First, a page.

Chilean President Cancels APEC and COP25 Summits; U.S. Still Plans To Sign Trade Deal with China
Oct. 30, 2019 (EIRNS)—In a press conference this morning in Santiago, Chilean President Sebastián Piñera, flanked by his foreign and environment ministers, somberly announced that Chile would have to cancel the upcoming Asia Pacific Economic Cooperation (APEC) and COP25 climate change summits, scheduled for Nov. 16-17 and Dec. 2-13, respectively. Among other things, this is a big blow to Chile’s reputation, already badly hurt by 11 days of nationwide protests.
Piñera explained that as “painful” as the decision was, given the importance of both summits, he felt he had no other choice, given the escalating social protest that has wracked Chile since Oct. 17. “Our first concern and priority as a government is to concentrate absolutely, firstly, on fully reestablishing public order, citizen safety and social peace,” he said. He also vowed he would promote “with all the force necessary, the new social agenda to respond to the primary demands of our citizenry.”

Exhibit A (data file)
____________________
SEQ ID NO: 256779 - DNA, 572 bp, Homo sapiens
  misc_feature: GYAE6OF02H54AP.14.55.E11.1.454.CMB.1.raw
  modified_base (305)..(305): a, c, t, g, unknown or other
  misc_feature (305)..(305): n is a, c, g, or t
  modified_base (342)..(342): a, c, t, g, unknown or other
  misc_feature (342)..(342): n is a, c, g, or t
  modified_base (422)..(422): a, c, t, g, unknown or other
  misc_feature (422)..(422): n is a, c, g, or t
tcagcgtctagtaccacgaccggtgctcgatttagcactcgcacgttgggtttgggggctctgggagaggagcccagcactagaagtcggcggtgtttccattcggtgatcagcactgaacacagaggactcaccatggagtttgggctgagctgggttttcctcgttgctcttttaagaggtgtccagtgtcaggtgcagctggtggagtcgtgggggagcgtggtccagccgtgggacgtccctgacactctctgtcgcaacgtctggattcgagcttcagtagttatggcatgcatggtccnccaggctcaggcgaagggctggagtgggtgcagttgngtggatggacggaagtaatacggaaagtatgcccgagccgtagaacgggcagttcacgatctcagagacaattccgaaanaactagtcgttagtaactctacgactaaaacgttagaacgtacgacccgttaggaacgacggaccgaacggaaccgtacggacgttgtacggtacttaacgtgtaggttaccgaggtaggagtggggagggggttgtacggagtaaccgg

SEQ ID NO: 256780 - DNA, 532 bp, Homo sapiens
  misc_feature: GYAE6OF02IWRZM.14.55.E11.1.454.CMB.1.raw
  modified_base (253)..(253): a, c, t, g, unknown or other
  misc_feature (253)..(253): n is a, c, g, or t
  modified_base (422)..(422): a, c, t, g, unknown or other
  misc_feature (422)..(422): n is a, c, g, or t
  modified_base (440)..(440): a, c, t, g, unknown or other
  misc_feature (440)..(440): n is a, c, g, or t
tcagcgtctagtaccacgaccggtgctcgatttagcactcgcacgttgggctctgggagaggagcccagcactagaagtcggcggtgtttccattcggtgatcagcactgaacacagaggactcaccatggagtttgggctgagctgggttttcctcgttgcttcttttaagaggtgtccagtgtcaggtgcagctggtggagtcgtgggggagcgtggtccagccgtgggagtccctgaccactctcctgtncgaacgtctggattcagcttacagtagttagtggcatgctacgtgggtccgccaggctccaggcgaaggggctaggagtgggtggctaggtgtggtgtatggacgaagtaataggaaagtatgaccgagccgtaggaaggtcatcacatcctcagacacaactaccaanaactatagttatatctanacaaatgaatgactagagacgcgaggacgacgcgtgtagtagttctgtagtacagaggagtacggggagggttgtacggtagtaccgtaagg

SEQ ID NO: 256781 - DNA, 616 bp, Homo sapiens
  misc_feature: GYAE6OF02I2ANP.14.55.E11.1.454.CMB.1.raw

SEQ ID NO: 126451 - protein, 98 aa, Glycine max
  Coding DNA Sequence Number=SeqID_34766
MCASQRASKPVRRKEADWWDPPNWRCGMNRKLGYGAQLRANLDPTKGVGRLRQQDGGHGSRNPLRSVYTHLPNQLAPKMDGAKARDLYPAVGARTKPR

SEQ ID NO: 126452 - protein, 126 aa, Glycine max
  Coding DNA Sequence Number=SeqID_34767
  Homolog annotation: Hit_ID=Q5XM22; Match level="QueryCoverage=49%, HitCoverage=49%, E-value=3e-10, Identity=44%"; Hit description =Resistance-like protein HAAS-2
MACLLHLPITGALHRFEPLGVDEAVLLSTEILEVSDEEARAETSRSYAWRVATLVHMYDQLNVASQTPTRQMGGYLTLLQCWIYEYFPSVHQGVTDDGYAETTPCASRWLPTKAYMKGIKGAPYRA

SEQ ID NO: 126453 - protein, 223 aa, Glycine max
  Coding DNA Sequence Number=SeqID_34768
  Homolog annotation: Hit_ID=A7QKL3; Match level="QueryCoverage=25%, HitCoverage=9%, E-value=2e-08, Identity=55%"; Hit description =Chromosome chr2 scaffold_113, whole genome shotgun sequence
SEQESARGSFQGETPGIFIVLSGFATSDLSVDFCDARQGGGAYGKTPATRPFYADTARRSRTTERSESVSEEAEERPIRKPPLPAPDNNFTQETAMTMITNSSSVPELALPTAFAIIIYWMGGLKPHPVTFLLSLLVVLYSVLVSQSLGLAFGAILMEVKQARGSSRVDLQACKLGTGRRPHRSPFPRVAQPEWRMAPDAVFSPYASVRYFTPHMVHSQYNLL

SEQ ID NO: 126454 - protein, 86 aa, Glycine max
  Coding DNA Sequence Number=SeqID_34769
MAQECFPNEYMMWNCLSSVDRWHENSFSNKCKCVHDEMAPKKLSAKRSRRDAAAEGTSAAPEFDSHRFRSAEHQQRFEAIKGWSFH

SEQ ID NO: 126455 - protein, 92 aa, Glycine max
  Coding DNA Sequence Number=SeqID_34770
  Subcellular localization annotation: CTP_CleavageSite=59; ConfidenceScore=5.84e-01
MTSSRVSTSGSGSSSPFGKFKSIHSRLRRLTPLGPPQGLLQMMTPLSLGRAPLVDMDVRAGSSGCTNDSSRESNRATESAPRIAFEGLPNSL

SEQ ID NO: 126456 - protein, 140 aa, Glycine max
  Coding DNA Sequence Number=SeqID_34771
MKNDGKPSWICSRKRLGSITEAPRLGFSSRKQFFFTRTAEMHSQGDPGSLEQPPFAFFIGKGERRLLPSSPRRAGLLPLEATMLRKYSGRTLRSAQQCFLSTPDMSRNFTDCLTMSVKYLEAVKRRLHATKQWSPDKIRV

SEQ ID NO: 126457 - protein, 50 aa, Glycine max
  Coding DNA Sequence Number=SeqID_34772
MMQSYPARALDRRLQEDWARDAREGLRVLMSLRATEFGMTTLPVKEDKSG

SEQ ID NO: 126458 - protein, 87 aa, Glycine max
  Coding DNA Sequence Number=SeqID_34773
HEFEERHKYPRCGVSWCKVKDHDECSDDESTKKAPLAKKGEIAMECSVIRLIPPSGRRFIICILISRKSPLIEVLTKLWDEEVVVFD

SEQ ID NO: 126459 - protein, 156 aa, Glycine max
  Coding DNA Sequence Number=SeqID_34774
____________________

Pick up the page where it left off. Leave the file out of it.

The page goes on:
No one is buying Piñera’s promises. Protests in the country, some violent, have escalated over the past 48 hours all over Chile, with another huge mobilization planned for today in Santiago. Chileans aren’t content with the band-aid measures that Piñera is proposing, and want a total overhaul of the deadly Pinochet economic model.
Given the cancellations, there is much discussion and speculation as to when, and if, U.S. President Donald Trump and China’s President Xi Jinping will meet to sign “phase one” of the U.S.-China trade agreement, as they had planned for Santiago. According to AFP, however, White House spokesman Hogan Gidley stated that even though APEC doesn’t have a secondary site prepared, “We look forward to finalizing Phase One of the historic trade deal with China within the same time frame, and when we have an announcement, we’ll let you know.”
The COP25 summit was to have evaluated nations’ compliance with the UN’s Copenhagen climate change dictates, and whether any alternative venue can be arranged is unknown. Patricia Espinosa, the UN Climate Change Executive Secretary, was quoted by the Guardian as saying “we are currently exploring alternative hosting options ... it is our understanding that the organization does not currently have a secondary site prepared.”